A few years ago I had the good fortune to run across a supply of wormy chestnut lumber. The tree was felled here in Ohio, and the gentleman who owned the lumber remembered where the tree had stood in the 1920s when he was a boy. The boards were thick and wide—virgin timber that can’t be replaced. After significant consternation, and with much care, I decided to use that lumber to build a tool chest for my shop. We ran it as a project in our June 2008 print magazine.
Among many varieties of lumber I’ve had the chance to build with, this chestnut is the most special to me. You probably already know that American chestnut trees have been all but extinct in this country since the middle of the last century. Massive forests of native chestnut, which once covered much of the eastern part of the United States, were wiped out by a blight that came here from Asia around 1904. Within a period of only 50 years or so, it decimated the species, leaving stands of dead trees in its wake.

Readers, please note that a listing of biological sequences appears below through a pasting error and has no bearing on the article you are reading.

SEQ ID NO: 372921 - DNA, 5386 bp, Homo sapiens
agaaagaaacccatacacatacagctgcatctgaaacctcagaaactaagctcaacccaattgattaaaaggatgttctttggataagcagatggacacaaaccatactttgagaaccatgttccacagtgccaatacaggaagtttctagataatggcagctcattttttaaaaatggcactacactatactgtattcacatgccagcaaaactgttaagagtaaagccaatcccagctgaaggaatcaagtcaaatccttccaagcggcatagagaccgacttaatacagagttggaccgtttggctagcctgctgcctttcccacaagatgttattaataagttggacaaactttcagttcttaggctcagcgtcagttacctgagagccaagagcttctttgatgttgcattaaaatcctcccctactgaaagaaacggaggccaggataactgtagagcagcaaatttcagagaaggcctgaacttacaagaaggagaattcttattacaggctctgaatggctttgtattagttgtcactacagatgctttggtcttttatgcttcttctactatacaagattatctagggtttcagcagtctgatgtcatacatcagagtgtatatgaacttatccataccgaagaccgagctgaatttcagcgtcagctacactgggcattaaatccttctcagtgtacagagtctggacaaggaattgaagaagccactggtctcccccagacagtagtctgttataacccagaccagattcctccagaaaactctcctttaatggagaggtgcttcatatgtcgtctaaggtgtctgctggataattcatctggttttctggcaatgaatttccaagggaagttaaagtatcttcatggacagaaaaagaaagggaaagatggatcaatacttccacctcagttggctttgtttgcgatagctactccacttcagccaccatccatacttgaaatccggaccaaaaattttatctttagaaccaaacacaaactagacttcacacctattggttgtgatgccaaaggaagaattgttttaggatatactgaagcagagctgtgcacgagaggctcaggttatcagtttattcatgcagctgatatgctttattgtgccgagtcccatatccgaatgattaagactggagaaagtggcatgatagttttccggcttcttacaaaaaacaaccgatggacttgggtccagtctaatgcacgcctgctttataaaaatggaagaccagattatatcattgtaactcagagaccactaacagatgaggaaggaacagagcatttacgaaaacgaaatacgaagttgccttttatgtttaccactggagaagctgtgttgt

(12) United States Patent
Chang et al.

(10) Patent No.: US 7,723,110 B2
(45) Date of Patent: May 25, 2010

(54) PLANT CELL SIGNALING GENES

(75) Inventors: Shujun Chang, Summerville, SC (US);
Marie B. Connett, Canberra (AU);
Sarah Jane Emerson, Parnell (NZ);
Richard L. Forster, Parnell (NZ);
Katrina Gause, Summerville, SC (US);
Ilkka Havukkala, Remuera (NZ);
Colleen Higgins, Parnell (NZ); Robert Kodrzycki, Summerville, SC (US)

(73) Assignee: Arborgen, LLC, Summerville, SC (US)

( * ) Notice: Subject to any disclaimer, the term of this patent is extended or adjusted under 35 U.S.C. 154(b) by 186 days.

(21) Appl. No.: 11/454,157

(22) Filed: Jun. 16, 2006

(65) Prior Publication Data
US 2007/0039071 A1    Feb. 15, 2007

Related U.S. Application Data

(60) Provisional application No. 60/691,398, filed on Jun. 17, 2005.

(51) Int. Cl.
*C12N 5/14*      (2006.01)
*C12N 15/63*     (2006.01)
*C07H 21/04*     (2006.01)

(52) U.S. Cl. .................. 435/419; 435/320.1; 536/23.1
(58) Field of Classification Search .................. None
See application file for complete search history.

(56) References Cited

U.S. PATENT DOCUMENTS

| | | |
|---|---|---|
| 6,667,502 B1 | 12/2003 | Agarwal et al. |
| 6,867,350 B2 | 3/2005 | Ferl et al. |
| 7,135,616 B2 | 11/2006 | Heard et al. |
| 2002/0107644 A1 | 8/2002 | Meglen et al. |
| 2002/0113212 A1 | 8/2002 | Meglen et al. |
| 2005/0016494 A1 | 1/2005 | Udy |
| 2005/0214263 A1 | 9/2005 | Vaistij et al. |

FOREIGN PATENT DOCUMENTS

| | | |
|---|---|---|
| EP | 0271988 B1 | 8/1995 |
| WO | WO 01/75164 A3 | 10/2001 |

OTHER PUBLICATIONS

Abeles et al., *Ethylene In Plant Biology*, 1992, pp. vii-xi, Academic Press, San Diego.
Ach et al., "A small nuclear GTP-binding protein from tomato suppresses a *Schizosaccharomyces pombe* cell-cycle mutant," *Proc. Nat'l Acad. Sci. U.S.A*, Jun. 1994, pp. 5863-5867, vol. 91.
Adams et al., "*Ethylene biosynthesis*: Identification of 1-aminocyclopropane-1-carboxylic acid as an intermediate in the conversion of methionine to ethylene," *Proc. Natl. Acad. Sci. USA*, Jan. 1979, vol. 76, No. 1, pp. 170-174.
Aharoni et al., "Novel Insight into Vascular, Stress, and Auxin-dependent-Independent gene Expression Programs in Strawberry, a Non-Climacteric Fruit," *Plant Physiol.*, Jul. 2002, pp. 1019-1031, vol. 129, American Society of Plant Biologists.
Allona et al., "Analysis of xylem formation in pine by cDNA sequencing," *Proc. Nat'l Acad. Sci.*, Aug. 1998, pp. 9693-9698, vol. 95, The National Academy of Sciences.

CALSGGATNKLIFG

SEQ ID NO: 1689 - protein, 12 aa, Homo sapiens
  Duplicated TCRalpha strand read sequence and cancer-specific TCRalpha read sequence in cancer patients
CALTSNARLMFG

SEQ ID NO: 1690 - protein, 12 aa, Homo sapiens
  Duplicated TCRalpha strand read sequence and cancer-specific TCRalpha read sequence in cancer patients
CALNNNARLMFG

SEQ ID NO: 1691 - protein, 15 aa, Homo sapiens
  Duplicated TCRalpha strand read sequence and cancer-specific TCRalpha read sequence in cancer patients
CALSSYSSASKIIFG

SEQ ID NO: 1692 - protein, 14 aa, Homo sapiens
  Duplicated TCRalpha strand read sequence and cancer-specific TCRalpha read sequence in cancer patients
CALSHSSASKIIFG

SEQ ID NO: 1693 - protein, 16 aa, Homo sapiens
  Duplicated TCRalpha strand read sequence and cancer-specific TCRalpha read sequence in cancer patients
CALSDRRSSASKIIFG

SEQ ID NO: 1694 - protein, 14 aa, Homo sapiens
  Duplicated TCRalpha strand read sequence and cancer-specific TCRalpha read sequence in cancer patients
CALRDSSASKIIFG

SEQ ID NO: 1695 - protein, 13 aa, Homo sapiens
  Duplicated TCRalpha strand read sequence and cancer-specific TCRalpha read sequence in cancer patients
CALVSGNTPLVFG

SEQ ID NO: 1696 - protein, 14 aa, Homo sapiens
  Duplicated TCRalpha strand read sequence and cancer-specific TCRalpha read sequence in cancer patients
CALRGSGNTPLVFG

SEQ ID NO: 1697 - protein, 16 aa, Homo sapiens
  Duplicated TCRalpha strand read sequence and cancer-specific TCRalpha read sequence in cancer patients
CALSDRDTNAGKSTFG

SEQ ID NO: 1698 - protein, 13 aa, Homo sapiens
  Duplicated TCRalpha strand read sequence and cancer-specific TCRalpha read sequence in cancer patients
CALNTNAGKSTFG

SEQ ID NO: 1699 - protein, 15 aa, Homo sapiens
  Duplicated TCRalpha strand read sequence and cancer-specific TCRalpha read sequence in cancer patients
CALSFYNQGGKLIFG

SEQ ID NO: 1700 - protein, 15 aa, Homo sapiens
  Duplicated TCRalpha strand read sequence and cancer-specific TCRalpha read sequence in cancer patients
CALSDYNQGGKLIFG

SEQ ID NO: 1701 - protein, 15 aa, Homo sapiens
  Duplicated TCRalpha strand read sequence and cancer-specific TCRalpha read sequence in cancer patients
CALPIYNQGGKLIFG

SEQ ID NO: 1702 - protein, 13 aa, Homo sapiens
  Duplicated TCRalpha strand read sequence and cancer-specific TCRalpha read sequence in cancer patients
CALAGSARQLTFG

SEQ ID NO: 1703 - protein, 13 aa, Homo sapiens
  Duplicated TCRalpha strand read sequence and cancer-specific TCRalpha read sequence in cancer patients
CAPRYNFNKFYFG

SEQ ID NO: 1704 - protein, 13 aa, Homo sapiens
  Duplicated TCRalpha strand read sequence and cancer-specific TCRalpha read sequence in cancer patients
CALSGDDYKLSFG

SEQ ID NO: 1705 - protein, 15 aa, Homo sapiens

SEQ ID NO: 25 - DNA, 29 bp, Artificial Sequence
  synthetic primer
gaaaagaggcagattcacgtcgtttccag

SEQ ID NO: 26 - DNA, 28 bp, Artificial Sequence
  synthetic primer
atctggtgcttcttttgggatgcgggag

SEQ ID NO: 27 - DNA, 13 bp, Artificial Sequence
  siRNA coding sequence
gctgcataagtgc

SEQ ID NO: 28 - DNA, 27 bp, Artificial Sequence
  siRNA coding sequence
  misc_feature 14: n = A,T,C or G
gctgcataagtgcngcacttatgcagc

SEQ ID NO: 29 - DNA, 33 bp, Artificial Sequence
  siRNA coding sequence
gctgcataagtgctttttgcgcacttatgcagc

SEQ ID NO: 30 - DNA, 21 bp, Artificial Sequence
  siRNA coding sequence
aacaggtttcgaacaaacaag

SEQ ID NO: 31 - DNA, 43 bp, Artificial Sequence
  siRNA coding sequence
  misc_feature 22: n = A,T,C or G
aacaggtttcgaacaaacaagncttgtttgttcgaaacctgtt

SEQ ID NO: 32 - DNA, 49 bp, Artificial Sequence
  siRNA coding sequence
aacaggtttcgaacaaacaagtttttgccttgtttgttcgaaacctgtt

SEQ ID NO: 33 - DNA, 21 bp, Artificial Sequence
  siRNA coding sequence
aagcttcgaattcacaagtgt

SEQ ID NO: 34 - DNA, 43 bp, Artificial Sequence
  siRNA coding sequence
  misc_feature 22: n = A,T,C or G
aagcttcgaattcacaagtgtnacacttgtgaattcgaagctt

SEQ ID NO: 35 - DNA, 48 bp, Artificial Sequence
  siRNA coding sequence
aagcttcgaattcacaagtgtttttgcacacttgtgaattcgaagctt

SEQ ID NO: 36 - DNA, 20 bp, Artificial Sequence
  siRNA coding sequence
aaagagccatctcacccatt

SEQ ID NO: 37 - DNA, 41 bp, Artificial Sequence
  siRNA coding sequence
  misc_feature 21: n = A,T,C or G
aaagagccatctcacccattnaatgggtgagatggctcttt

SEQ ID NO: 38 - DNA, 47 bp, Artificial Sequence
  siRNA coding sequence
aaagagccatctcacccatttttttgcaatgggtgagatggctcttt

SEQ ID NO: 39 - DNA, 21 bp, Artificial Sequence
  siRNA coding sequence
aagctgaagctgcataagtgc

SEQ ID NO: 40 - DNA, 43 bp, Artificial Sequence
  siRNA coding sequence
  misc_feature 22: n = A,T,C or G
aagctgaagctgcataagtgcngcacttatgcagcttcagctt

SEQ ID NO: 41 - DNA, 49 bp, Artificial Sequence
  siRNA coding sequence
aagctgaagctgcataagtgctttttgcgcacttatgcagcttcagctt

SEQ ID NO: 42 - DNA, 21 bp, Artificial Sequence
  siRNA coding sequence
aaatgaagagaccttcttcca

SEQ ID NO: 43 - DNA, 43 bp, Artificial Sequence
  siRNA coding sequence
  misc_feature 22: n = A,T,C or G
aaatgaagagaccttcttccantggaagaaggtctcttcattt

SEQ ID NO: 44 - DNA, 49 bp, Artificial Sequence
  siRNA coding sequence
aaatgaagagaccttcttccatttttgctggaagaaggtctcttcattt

The blight continues to weaken and kill the few remaining native chestnut saplings that spring up from old stumps today.